Am höchsten bewertete positive Rezension
2 Personen fanden diese Informationen hilfreich
Good but flawed
am 13. Mai 2000
Can't understand the unrestrained adulation some reviewers have given this book. Soltis can write very well - see for example 'Soviet Chess' which is a scholarly work, or see 'Confessions of a Chess Grandmaster'. The title being reviewed here is also one of his better efforts.
The book explains the pragmatic realities of calculation very well indeed. A thoughtful reading of this book will enhance one's understanding of what to calculate, how to calculate, how far to calculate, and what positions deserve calculation. By implication, one's strength would improve.
It's difficult to provide a synopsis of this book because, like Kotov, it's not coherently orgainised but is a compendium of practical wisdom concerning calculation. Chapters include 'Trees and how to build them', 'Rechecking' and 'The Practical Calculator' - all of importance to a player.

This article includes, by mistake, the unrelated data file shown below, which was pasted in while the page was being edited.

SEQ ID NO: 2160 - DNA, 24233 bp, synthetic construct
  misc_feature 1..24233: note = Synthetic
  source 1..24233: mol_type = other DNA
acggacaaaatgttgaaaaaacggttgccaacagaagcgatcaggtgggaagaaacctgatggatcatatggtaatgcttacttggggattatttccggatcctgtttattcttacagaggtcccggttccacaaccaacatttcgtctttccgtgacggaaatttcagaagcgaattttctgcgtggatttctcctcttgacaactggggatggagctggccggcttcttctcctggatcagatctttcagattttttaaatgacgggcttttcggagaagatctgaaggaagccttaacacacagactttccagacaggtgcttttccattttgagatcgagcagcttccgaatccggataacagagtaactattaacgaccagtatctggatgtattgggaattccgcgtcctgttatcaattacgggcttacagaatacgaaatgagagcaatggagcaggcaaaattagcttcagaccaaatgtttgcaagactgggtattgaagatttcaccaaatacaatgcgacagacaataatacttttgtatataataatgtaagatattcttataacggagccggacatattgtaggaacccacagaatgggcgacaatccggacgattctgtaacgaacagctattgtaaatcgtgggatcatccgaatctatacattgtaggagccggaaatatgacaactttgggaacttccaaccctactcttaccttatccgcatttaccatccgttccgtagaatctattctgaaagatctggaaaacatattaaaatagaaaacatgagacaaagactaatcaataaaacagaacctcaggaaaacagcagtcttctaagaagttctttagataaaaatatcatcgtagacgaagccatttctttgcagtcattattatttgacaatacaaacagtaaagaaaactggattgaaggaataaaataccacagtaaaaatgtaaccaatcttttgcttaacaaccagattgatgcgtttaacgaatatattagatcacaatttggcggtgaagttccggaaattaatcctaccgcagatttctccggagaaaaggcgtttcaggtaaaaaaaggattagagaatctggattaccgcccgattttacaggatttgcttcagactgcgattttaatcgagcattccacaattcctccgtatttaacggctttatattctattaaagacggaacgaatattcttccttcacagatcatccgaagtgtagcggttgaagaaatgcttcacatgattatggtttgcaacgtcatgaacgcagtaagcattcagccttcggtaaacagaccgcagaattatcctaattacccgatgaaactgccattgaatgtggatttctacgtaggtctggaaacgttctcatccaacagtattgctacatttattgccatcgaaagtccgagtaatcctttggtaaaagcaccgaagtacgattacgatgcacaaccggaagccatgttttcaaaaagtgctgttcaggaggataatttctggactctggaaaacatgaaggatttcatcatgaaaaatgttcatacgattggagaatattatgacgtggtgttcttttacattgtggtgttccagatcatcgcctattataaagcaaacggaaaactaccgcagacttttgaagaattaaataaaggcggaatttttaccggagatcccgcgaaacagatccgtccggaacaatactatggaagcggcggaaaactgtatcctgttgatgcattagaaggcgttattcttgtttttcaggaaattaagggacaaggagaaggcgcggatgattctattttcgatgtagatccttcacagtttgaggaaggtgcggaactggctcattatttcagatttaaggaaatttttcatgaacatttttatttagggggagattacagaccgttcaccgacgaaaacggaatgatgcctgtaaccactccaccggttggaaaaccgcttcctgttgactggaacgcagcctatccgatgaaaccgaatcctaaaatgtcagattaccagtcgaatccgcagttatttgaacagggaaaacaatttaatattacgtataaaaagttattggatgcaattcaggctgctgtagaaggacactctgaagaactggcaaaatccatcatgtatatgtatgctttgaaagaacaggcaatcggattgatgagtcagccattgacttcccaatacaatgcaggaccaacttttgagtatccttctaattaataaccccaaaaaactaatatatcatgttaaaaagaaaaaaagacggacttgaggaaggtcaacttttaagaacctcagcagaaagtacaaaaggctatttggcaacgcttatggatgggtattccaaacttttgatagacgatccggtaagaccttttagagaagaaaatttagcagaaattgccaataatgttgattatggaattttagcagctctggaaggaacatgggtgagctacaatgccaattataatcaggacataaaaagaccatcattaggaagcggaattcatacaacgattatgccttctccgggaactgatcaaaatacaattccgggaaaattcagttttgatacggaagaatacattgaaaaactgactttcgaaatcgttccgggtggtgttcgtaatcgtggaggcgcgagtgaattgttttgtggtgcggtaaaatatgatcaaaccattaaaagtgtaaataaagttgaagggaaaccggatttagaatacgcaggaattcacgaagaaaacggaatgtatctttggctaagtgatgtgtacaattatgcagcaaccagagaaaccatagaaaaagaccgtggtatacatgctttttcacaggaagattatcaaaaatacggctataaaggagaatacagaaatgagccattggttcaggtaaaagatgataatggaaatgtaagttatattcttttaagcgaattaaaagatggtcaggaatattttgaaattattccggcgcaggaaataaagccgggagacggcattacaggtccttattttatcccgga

I've given this four stars (and not five) for 3 reasons. The first is lack of organisation. The second, and more serious, is the sheer number of analytical mistakes. The very first example (Piket - Sosonko) has an error. The sacrifice 1.Rxh7 is actually unsound. 3....Bf5, which Soltis mentions in passing, holds the game for Black. Or examine the analysis to Ljubojevic - Stein, on page 58. 11.Qf4 works fine for White. Soltis hasn't done his spadework. The examples that are correct are frequently so because they've been pulled, with analysis, from other sources.This brings me to third criticism: many of the examples are hackneyed, and frequently don't exemplify the ideas well.
But these caveats aside, I can recommend this book. There is material to ponder over here. A pity Soltis didn't give the book the time and energy it deserved; it would have been a sterling work.